Tech Friday: Innovative hearing technology on my wish list

Posted By on April 9, 2021

startrektransporterSometimes when my mind wanders, I shift from pie-in-the-sky dreaming (flying cars, mind control devices, AI/robotics (mp4), time machines (mp4), “beam me up” transporters, etc) to something that’s a bit more realistic to the world of everyday technology. Let’s get the above “pie-in-the-sky” idiom out of the way first.

“Pie In The Sky” Origin

This phrase was coined by the Swedish-American activist, Joe Hill in 1911 when criticizing the Salvation Army’s philosophy especially their concentration on saving the souls of the hungry rather than feeding them. He used it in one of his songs while leading a radical labour organization.

The expression was later taken up during the Second World War as it was used to describe elusive happiness in the face of so much death. A Californian newspaper in its November 1939 issue described Washington’s promise to the public about eating solely from war orders as “eating pie from the sky.” Over the years, it has evolved to include the way modern-day pastors treat their followers by teaching them that their reward would be in heaven and long-suffering on earth would pay off soon.  (Source:

One of most people’s favorite tech gadgets is of course the smartphone …  or the Apple iPhone and iPad in my case after years with a now defunct PalmOS device (my first iPhone was in 2012). For hard-of-hearing me to use these iOS gadgets effectively though requires a bluetooth headset like the bone-conducting Aftershokz (or for some people headphones, earbuds or airpods).


The Aftershokz’s latest smaller version is the Aeropex model, but on my wish-list would be a headset that also processes surrounding sound and provide a digital hearing aid function too. While I’m building the wish-list, let’s connect the bluetooth radio to multiple devices “at the same time” so I can use it not only with my iPhone, but iPad, notebook, desktop computer, smartwatch and virtual assistant like Amazon’s Alexa.  I doubt this is too far off since I can already “tap” to connect to a second device. The advancement in cochlear implants, implantable middle ear devices and bone anchored hearing aids has also improved a lot in recent years which can make for a night and day difference for those who are hearing impaired.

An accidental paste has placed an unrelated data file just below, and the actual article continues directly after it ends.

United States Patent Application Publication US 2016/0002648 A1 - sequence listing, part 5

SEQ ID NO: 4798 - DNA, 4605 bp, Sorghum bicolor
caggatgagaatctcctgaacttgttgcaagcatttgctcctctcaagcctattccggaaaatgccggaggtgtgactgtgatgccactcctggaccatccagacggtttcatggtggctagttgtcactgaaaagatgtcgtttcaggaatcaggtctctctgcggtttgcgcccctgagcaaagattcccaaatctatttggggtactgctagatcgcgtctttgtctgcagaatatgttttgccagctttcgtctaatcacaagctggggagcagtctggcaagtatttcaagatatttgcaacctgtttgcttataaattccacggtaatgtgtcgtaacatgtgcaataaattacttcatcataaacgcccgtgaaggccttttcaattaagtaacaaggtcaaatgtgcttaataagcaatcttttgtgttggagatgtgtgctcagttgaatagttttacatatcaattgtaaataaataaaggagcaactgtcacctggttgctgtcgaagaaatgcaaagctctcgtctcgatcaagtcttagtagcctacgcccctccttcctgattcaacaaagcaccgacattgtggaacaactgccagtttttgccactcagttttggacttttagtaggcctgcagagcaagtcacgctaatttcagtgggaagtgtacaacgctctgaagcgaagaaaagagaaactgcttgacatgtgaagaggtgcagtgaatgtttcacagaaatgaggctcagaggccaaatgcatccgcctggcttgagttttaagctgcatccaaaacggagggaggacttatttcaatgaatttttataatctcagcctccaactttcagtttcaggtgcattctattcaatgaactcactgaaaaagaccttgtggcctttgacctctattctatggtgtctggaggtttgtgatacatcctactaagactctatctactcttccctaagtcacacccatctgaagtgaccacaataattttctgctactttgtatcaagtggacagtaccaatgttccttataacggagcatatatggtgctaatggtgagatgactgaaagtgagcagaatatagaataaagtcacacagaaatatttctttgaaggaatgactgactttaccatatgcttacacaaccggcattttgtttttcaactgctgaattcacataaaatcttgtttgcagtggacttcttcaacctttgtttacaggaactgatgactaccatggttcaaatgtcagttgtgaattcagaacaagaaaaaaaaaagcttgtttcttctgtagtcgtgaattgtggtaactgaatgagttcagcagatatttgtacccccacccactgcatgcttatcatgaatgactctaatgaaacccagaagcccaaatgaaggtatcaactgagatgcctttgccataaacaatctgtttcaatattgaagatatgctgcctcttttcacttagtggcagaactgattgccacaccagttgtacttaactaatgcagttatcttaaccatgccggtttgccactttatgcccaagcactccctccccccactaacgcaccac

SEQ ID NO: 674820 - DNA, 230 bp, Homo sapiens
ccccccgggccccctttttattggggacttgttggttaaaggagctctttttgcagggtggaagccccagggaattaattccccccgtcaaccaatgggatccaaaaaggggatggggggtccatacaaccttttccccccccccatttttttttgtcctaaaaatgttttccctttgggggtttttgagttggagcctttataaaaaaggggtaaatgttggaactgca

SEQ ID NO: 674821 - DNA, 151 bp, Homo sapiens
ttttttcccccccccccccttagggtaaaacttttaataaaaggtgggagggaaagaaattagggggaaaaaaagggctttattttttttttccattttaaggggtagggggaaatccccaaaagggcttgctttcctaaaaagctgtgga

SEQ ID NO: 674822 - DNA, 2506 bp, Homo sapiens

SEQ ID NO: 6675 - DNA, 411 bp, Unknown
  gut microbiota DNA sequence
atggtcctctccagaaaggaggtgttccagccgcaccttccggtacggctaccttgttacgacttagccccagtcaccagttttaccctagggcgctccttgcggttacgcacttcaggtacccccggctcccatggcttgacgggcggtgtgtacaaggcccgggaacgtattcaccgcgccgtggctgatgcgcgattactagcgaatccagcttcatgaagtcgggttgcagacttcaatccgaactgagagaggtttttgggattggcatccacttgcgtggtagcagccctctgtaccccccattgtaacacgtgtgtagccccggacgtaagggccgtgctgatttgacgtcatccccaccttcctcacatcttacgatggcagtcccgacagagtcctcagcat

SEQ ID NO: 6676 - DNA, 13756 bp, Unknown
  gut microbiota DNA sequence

Perhaps by the time my hearing is “really” gone, Aftershokz or a competitor will have something ready? BTW, check out the Mimi Hearing Test app if you want a 6 minute “starting point” hearing test before going to an audiologist.

mimiheartestapplogo MimiHearing210338

Cochlear Implants

A cochlear implant is an implanted electronic device that can produce useful hearing sensation by electrically stimulating nerves inside the inner ear. Cochlear implants currently consist of 2 main components:

  • external component, comprised of an externally worn microphone, sound processor and transmitter system,
  • internal component, comprised of an implanted receiver and electrode system, which contains the electronic circuits that receive signals from the external system and send electrical signals to the inner ear.


    Implantable Middle Ear Hearing Devices

    Implantable Middle Ear Hearing Devices (IMEHD) help increase the transmission of sound to the inner ear. IMEHDs are small implantable devices that are typically attached to one of the tiny bones in the middle ear. When they receive sound waves, IMEHDs vibrate and directly move the middle ear bones. This creates sound vibrations in the inner ear, which helps you to detect the sound. This device is generally used for people with sensorineural hearing loss.

    Bone-anchored Hearing Aids

    A bone-anchored hearing aid (BAHA), like a cochlear implant, has both implanted and external components. The implanted component is a small post that is surgically attached to the skull bone behind your ear. The external component is a speech processor which converts sound into vibrations; it connects to the implanted post and transmits sound vibrations directly to the inner ear through the skull, bypassing the middle ear. BAHAs are for people with middle ear problems (usually a mixed hearing loss) or who have no hearing in one ear.



    Desultory - des-uhl-tawr-ee, -tohr-ee

    1. lacking in consistency, constancy, or visible order, disconnected; fitful: desultory conversation.
    2. digressing from or unconnected with the main subject; random: a desultory remark.
    My Desultory Blog